Property Law For Slovenia

The property law for Slovenia is relatively straightforward and the process is fairly straight forward. It is usual for a 10% deposit to be paid to secure the property under the terms of a preliminary contract which states the basic terms of the sale and any special conditions. A main contract then follows. Both parties should ensure that they have independently reviewed and translated the contracts before completing the transaction. It is also recommended that a local lawyer is consulted before completing the transaction to ensure that the transaction will be legally binding and that all documents are correct. More info :

Normally a non-resident entity or individual requires a Slovenian tax number (by entering it into the business registry or central population register). This is a legal requirement and it is difficult to obtain without the help of a Slovenian lawyer who will arrange this on your behalf and act as agent.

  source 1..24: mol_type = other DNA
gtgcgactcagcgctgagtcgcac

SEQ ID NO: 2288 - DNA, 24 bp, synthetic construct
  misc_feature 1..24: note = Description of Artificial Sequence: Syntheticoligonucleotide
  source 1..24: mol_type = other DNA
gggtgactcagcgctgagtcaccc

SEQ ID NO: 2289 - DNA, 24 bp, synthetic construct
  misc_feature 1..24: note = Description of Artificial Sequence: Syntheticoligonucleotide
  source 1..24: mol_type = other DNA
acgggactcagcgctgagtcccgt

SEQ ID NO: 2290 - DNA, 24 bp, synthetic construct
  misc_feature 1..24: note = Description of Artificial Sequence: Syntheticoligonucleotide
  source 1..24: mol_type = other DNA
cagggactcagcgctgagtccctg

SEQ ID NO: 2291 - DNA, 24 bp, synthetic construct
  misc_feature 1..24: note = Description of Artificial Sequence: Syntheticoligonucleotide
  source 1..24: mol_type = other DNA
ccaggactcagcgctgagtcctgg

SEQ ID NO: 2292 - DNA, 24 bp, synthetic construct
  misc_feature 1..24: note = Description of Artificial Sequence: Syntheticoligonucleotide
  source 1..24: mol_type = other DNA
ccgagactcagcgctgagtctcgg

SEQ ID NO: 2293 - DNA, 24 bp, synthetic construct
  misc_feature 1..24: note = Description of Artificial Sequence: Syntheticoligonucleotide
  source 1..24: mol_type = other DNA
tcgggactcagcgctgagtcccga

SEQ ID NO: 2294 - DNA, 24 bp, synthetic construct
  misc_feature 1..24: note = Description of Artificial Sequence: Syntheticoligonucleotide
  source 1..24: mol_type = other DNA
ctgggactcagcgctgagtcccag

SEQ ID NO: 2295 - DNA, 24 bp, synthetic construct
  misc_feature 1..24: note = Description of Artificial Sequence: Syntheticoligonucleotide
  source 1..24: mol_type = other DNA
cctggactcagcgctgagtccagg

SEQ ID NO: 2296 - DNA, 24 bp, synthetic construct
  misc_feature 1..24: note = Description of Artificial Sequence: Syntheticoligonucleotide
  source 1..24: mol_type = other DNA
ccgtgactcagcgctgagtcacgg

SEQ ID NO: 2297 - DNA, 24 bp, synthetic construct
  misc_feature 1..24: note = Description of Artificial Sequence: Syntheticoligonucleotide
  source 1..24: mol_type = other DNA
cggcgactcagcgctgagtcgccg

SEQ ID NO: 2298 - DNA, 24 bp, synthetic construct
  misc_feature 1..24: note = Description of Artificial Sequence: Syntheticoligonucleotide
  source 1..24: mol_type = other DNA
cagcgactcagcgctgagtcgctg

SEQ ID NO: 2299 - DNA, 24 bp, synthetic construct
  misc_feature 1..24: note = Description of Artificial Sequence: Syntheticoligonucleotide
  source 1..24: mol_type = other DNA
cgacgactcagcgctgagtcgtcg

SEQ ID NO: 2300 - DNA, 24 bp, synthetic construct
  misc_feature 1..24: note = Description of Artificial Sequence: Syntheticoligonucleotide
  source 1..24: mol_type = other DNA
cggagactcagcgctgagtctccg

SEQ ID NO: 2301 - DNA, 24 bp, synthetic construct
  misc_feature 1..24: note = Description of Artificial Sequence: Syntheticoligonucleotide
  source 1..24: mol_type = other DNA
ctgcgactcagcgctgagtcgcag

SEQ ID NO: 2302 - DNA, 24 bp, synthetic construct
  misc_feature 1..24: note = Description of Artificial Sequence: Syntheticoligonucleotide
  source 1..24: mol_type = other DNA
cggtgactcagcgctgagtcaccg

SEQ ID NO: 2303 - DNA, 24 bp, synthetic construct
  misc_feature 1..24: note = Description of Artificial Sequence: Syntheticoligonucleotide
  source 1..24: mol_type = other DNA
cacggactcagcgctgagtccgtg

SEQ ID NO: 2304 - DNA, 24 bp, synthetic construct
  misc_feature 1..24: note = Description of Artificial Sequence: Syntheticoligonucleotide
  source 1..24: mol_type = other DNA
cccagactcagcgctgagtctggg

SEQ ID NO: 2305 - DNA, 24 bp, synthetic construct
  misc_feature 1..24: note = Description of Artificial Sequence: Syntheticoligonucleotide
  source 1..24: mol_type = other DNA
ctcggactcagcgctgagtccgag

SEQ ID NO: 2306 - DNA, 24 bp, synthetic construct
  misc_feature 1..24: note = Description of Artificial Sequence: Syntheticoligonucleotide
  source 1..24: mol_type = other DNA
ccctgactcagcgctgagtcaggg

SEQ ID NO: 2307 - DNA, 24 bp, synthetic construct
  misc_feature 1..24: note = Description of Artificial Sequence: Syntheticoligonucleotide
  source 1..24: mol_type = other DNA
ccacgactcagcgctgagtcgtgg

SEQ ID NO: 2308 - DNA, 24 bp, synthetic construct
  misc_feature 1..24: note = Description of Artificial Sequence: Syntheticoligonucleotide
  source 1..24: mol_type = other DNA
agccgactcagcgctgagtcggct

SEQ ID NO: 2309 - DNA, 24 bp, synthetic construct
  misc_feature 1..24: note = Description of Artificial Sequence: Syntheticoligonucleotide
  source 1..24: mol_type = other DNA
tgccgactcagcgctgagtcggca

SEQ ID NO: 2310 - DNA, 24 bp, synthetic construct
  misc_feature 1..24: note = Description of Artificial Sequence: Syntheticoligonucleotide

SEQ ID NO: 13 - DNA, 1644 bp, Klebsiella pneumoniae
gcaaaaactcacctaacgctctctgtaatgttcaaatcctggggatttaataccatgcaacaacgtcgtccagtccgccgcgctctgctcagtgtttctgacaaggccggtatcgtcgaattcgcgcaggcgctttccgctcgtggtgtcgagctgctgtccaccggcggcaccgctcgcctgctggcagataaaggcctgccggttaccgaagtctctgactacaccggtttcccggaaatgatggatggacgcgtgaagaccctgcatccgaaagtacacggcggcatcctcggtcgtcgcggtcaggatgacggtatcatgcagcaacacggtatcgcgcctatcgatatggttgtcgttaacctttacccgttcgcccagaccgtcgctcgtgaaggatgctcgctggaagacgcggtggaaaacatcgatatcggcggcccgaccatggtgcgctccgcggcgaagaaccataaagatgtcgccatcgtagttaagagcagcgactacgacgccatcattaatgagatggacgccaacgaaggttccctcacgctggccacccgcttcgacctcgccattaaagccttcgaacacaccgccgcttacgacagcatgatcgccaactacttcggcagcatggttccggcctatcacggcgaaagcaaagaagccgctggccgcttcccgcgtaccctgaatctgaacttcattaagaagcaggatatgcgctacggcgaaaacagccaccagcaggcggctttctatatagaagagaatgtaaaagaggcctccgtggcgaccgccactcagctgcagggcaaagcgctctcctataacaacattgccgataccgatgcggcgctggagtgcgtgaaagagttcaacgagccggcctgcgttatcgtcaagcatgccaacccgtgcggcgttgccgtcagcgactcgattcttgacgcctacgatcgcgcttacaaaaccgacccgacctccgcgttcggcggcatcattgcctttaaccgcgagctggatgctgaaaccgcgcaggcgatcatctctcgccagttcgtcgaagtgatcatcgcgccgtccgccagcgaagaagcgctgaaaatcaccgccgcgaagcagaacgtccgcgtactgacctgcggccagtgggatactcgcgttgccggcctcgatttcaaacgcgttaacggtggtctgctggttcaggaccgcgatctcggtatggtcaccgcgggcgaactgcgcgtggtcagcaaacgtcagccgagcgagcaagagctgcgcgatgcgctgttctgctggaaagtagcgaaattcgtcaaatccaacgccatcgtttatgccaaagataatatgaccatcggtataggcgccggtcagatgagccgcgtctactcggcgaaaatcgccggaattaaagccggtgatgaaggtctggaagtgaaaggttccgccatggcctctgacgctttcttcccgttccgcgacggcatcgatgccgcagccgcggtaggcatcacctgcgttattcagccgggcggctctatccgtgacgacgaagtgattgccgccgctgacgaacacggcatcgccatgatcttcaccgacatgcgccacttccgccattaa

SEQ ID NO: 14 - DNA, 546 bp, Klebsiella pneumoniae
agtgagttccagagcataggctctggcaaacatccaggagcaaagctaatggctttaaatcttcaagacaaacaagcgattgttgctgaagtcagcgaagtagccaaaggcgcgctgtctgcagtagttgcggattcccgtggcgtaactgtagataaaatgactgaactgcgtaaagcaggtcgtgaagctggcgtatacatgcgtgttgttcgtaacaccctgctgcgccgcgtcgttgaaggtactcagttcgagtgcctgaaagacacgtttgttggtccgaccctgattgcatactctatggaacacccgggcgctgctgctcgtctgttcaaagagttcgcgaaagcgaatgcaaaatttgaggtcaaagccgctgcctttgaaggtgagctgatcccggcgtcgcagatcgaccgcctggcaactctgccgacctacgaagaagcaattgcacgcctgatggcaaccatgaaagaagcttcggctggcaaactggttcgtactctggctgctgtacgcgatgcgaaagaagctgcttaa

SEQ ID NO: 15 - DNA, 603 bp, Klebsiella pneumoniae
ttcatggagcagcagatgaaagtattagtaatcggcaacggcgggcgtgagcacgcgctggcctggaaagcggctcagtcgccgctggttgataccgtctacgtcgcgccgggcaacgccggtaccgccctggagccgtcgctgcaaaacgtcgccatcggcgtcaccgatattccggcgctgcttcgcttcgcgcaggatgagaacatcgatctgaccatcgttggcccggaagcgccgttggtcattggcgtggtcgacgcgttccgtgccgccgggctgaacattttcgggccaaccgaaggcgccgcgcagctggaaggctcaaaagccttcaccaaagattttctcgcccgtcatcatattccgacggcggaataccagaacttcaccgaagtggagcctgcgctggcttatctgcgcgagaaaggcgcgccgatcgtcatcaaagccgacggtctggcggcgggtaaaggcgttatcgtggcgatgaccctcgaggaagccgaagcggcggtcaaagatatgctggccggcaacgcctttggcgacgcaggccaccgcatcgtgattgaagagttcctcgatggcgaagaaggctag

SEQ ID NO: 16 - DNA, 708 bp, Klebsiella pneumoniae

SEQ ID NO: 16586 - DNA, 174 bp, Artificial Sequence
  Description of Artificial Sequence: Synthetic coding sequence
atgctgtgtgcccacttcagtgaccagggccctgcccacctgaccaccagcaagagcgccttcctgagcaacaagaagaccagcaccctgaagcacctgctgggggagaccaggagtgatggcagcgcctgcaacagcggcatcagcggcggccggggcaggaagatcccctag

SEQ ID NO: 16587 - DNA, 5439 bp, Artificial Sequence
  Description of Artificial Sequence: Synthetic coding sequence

Who can acquire ownership rights?

The citizens and legal entities of EU, OECD and EFTA Member States and foreign persons who are natural heirs of a Slovene person may acquire ownership rights on real estate. Citizens of other countries may acquire ownership rights on real estate only if this is permitted by law or an international treaty that binds Slovenia.

Generally the owner of land and buildings is an integral whole and follows its legal status (superficies solo cedit). The same principle applies to mortgages: a mortgage over the ground extends to the buildings constructed thereon, as the buildings are an integral part of the land. However, if the building is located on land entailed with a specific right of superficies (“stavbna pravica”), then it is possible to charge the building separately from the ground.

Odvetniška pisarna Križanec Ljubljana
Phone: +38612307680


Dalmatinova ulica 2
Ljubljana, 1000

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